Dirtyc0w was an exploit recently published that showed a vulnerability in Linux (that apparently existed for many years) regarding race conditions that allowed a non-root user edit a file as root. I won’t go over all the little details as there’s plenty of articles on it, however I immediately thought of using this to gain root privileges which could be extremely beneficial for pen-testing. Alas, here’s the walk through and demo.
Just a quick note, I made the script while root in Kali but it can also be done as any other user as long as you can compile and read /etc/group.
First thing is to get the script that was made in C. It’s available here: https://raw.githubusercontent.com/dirtycow/dirtycow.github.io/master/dirtyc0w.c
From here, using wget, you can directly download it.
Next, I’ll switch to my ‘user’, non-root, account and read the /etc/group sudo string.
As you can see, I’m not in the sudo group and I’m just a regular user.
Now we’re going to configure that C code to overwrite the /etc/group file and inject the ‘user’ next to sudo, giving me sudo privileges.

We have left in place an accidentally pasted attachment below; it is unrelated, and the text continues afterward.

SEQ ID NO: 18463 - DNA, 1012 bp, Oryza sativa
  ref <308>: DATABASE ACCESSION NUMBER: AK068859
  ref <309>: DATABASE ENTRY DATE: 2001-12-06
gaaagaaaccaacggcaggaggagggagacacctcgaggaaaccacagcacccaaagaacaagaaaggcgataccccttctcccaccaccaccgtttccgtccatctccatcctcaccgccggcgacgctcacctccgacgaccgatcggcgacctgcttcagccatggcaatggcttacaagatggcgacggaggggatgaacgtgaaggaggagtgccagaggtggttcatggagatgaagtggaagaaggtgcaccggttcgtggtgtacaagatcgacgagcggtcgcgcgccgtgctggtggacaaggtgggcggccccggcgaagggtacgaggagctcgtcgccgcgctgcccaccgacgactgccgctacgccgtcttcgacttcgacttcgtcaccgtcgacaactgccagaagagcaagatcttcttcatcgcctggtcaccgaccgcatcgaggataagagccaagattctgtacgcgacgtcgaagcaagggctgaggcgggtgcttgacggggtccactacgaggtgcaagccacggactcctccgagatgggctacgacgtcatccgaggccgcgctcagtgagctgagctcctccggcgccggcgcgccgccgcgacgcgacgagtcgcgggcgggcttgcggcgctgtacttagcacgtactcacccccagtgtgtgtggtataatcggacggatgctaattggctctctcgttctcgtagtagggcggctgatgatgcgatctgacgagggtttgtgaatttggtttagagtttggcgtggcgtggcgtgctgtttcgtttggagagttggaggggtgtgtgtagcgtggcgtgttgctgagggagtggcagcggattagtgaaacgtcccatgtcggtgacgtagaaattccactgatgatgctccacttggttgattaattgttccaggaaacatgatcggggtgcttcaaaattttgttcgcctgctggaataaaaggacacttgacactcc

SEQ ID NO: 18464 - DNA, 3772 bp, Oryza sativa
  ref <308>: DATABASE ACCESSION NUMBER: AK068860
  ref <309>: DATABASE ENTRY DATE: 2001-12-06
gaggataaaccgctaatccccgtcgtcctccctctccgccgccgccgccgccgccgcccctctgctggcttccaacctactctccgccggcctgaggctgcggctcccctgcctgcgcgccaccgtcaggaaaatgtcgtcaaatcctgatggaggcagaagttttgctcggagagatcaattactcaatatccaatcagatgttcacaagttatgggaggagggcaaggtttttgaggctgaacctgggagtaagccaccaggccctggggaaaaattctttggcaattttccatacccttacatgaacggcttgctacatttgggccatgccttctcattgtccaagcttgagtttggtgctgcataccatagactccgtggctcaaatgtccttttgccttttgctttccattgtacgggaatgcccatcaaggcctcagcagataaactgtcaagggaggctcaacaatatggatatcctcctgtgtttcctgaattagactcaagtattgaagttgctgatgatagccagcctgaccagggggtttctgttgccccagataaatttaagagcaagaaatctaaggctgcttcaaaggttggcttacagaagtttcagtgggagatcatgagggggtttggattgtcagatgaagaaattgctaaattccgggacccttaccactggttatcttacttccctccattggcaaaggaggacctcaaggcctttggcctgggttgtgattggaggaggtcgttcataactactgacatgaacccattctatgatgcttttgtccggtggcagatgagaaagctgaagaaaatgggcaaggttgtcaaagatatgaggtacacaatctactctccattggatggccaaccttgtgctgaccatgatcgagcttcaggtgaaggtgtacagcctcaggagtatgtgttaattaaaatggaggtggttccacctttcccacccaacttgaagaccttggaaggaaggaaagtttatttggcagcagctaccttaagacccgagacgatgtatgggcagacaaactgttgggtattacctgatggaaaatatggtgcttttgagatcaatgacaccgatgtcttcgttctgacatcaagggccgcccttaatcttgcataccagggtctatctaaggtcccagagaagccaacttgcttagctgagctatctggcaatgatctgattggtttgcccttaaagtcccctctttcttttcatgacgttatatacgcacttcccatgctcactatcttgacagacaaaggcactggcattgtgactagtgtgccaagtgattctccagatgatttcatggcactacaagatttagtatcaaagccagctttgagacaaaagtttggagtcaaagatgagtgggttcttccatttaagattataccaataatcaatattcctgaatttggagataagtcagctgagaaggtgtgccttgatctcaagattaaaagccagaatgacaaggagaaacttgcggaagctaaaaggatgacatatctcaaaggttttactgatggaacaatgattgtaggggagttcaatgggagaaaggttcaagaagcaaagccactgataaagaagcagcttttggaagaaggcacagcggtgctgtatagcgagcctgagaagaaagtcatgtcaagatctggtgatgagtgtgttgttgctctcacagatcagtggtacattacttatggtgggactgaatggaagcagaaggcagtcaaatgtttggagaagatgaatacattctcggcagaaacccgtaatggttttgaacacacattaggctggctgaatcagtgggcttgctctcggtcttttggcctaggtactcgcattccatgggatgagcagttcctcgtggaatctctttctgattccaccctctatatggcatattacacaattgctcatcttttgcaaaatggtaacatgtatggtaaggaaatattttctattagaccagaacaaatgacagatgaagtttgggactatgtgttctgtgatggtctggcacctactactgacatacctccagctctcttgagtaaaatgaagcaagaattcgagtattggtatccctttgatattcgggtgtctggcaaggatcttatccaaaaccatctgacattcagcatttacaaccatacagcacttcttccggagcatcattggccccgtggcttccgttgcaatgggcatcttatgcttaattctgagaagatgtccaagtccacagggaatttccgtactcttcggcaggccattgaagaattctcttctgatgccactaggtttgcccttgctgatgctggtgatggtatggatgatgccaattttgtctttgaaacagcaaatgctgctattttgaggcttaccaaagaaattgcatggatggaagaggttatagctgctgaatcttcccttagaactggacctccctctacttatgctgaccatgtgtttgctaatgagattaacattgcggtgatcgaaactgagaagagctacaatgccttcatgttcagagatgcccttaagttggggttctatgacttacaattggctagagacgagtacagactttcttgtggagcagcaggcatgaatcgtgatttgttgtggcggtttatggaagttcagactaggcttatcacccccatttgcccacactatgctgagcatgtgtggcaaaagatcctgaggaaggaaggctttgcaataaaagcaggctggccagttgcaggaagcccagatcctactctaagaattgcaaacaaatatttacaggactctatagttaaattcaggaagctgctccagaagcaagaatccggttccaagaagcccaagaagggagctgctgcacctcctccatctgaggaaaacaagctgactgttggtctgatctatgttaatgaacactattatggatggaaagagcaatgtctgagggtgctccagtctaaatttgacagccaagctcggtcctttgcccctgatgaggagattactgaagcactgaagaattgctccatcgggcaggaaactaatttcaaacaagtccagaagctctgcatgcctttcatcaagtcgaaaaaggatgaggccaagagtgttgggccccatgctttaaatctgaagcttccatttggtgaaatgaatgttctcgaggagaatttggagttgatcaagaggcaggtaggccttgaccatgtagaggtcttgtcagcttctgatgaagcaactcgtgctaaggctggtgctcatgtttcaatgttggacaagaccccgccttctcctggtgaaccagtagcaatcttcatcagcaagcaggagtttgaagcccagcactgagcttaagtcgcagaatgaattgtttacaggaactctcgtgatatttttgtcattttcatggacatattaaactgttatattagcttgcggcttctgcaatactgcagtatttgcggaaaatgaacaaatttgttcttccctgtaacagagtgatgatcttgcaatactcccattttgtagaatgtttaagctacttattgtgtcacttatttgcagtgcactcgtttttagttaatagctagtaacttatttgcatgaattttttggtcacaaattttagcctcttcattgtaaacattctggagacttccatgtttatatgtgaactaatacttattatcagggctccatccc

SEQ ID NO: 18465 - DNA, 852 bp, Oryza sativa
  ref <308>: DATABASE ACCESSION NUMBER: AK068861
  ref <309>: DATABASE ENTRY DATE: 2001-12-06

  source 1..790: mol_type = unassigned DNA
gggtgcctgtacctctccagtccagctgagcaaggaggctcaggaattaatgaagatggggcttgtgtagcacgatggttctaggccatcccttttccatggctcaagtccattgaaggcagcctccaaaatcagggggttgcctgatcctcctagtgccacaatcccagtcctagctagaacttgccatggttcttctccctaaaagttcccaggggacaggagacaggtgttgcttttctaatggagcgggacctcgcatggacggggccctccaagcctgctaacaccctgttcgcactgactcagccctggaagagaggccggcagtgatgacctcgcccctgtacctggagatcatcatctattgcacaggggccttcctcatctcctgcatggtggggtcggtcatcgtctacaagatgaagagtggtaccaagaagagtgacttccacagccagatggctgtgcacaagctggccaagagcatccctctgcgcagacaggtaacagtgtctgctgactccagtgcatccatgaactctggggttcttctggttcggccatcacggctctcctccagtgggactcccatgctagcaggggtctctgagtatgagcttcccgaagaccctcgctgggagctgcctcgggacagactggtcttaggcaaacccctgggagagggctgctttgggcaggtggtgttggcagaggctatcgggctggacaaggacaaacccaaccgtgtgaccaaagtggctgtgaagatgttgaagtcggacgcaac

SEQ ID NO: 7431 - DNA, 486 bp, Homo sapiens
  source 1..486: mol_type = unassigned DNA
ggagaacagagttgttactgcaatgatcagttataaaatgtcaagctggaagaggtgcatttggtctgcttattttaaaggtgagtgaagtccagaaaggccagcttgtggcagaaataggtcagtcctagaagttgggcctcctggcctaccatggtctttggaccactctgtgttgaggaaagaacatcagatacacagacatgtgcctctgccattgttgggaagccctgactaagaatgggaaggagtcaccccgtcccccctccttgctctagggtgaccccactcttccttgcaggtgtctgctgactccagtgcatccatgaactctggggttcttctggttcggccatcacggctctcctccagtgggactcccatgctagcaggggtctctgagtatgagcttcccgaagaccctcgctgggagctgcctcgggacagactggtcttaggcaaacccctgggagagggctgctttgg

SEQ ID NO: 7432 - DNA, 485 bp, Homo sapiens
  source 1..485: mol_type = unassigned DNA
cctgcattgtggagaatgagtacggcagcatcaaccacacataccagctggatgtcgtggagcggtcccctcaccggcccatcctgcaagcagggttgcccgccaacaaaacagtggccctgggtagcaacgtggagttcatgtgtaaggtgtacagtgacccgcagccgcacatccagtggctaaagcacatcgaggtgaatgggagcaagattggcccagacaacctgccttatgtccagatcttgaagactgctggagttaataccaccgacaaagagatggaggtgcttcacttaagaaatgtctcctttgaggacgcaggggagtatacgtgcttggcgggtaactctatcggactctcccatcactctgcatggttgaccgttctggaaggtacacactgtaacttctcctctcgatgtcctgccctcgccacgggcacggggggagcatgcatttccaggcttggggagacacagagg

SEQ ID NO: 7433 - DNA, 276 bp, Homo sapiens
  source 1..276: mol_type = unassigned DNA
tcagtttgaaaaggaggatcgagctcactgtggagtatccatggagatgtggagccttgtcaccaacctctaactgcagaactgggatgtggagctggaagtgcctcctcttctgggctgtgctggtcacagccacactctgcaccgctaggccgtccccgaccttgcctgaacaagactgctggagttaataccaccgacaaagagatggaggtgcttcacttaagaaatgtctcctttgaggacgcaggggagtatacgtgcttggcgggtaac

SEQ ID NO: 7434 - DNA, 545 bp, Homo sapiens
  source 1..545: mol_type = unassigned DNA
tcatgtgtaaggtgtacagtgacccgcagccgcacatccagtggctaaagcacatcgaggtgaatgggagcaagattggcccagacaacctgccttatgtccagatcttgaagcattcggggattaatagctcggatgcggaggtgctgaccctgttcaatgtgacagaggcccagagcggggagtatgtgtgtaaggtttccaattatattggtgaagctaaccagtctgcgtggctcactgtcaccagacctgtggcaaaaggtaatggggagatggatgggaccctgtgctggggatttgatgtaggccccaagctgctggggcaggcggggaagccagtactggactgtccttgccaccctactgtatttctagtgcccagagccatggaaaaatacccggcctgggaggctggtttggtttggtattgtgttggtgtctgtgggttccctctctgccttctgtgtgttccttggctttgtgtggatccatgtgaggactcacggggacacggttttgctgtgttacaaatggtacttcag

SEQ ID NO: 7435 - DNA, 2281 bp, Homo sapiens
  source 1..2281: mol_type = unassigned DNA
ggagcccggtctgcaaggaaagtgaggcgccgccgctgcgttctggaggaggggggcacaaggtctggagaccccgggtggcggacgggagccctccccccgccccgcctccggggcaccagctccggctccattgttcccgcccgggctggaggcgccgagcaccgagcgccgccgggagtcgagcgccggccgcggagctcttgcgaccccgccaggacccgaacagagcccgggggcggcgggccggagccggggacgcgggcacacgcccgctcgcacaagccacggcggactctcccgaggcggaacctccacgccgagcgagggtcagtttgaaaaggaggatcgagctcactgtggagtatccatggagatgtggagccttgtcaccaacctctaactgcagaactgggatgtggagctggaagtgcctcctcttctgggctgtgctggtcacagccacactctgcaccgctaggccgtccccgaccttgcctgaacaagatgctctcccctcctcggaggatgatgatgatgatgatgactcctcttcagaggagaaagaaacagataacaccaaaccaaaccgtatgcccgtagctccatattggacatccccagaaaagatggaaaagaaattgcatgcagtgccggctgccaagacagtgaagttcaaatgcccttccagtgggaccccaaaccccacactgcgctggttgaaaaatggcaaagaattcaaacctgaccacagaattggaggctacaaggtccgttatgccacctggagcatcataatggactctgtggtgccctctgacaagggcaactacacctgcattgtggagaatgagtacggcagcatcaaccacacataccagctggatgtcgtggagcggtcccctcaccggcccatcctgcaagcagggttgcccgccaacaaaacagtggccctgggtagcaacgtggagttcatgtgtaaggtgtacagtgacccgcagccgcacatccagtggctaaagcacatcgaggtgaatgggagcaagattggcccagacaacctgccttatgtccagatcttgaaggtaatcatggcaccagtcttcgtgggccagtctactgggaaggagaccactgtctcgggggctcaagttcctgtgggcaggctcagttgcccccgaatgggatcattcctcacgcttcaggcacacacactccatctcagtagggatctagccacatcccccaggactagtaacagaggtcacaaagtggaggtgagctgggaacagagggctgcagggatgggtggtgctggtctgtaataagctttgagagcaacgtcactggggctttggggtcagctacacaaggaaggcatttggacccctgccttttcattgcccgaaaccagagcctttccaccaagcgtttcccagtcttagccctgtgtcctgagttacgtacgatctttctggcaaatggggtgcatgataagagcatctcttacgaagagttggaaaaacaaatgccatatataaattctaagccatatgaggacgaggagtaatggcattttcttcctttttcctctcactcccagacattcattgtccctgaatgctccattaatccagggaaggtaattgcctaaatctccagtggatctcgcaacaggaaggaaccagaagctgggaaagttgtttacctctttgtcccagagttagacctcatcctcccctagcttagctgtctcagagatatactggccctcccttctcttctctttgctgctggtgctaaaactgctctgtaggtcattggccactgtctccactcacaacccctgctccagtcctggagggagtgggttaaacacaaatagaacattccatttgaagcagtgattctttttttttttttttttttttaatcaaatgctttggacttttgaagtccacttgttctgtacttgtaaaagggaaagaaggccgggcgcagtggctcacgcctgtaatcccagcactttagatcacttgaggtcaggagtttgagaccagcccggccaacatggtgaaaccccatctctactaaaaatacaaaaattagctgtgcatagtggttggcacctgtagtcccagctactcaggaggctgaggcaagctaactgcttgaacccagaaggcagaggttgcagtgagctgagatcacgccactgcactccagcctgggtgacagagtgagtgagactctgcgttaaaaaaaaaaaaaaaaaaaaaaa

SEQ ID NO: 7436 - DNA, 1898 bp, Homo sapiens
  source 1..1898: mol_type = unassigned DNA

Copy the /etc/group contents and paste it in a new VIM file (so type: vim groups).
Insert the account name you want to give sudo privileges to after ‘sudo’ (shown at the top in screenshot below)
and then after that’s inserted, go back to command mode (escape then colon) and type %s/\n/\\n/g to group all the lines into one as we will be pasting this into the C code.
It should look like this now in vim
Copy all that, and then open dirtyc0w.c. Find “void *procselfmemthread” and under it delete the existing string and enter a new one, pasting the editing /etc/group contents, as shown below.
And then deleting the need for a second argument.
So the code should then look like this.
Next, compile it.
Then finally run it, using the command: ./dirtyc0w /etc/group
Let it run (might take a bit) and once it’s done read the cat /etc/group file and you should have overwritten the sudo string with the intended account.
And testing it out